Following 18 months of work between the FRDC, the Australian Bureau of Agricultural and Resource Economics and Sciences, and state and territory fisheries management agencies, the first Status of Key Australian Fish Stocks Report was completed.
The reports and associated website were launched on 10 December 2012 and are a significant step forward for transparency and reporting of fish stock health.
The FRDC is a core participant in the Australian Seafood Cooperative Research Centre (Seafood CRC) and will invest more than $24 million during its life.
The end of the 2012–13 financial year marked the fifth year of the Seafood CRC. The Seafood CRC successfully applied for a one-year extension, to improve the impact of proposed legacy projects.
Three new directors were appointed to the FRDC board in September. The board, chaired by the Hon. Harry Woods, welcomes Bruce Mapstone, Peter O’Brien and David Thomason who join the reappointed Heather Brayford, Renata Brooks and Brett McCallum.
The board was selected under a process established by the Primary Industries and Energy Research and Development Act 1989. Harry Woods has since been reappointed as the board’s chair.
In November 2011, the FRDC board endorsed developing a strategy to promote the science and best practice that underpins the Australian seafood and angling industry, and to work with stakeholders to implement that strategy.
The strategy aims to respond to poor community perception of the seafood industry by proactively promoting the results of research to the Australian community, media outlets and seafood consumers, and to formally respond to factually incorrect media stories, or information in the public arena.
The strategy continued in 2012–13 and has delivered a range of outcomes including responding to inaccurate media articles about the Australian seafood industry and generating new information sources including the seafood consumer education website.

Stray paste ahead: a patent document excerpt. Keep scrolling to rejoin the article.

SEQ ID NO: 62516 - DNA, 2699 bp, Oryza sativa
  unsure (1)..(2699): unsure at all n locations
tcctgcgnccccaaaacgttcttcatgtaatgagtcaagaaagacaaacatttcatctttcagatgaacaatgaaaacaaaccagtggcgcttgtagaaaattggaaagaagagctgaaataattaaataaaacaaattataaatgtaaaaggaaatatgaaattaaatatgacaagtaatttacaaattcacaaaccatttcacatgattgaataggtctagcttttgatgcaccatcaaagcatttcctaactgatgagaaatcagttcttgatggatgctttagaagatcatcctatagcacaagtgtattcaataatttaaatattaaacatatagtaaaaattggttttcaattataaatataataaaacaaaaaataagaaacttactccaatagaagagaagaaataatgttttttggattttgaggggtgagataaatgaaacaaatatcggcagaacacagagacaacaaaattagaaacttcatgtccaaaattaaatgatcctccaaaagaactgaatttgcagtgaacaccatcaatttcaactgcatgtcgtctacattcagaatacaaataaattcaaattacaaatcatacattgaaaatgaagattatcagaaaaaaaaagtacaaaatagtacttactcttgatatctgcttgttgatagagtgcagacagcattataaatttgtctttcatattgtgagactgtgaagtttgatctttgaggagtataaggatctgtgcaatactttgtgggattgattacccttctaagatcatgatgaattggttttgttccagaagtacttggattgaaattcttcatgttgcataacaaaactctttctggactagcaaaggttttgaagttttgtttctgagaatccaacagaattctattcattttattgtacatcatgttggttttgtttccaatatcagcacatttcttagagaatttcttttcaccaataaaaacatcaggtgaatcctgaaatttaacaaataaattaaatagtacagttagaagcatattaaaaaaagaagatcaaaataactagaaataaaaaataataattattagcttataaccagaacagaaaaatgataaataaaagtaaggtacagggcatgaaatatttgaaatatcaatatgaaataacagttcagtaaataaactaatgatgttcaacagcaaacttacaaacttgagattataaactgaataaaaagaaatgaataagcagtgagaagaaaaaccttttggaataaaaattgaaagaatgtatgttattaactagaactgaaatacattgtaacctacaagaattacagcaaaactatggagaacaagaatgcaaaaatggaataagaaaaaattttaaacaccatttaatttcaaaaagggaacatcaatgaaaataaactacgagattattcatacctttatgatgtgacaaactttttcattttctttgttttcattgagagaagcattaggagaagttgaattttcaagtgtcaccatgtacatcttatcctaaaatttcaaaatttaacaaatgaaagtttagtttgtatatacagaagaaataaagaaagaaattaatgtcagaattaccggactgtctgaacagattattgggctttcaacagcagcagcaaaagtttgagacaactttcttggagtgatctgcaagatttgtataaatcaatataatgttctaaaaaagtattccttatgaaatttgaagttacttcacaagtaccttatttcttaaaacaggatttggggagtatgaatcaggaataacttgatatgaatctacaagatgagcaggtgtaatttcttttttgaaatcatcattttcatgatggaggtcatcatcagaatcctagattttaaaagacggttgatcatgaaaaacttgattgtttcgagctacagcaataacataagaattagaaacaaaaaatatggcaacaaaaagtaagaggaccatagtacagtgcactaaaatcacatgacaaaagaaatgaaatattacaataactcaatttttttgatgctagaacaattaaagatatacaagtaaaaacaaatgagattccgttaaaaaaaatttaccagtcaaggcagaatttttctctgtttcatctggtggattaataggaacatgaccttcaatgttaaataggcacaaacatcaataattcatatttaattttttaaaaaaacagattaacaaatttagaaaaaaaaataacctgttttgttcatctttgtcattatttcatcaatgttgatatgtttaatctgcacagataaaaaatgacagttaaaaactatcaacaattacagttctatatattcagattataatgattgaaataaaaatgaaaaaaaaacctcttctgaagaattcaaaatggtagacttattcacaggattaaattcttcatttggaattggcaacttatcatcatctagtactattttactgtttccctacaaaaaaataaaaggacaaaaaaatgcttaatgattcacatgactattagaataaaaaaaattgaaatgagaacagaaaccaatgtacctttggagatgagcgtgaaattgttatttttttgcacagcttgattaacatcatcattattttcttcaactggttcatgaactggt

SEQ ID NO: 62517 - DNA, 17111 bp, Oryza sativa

In December 2012, the FRDC completed a review of its five-year (2008–13) People Development Program, which supports ongoing investment in people development with a focus on integrating it with the FRDC’s existing program areas of environment, industry, communities, and extension and adoption.
A new ‘People development plan’ has been developed and will run for two years (2013–15), which will allow these activities to align with the FRDC’s five-year strategic research, development and extension plan.
The FRDC began economic evaluations of randomly selected clusters of its project investments in 2010. Projects were grouped into clusters that focused on a similar issue, (for example, supply chains or genetics) (Table 1). In 2012–13, the next phase of the evaluations was completed with eight clusters evaluated.
|Total of R&D projects||21.56||25.98||22.14|
|R&D Program 1 (Environment)||10.14||11.80||8.25
|R&D Program 2 (Industry)||8.34||9.47||9.57|
|R&D Program 3 (Communities)||0.16||0.47||0.74|
|R&D Program 4 (People Development)||1.90||2.12||1.80|
|R&D Program 5 (Extension and Adoption)||1.02||2.12||1.78|
|Management and Accountability||3.40||3.71||3.55|
|Number of approved new projects||142||146||123|
|Total number of active projects under management||412||483||476|
|Number of final reports completed||111||129
When all eight clusters are aggregated, the benefit-cost ratio for the $99.3 million investment by the FRDC and its partners is 2.5:1, with present value benefits of $251.7 million and net present values of $152.4 million. The FRDC’s component comprised $32.9 million in present-value terms with a net present value of $48 million (Table 2).
|Maximum matchable (government)
|Actual government matched||5.50||5.51||5.57
|Total government contributions||16.53||16.63||17.23|
|Project funds from other parties||1.12||0.46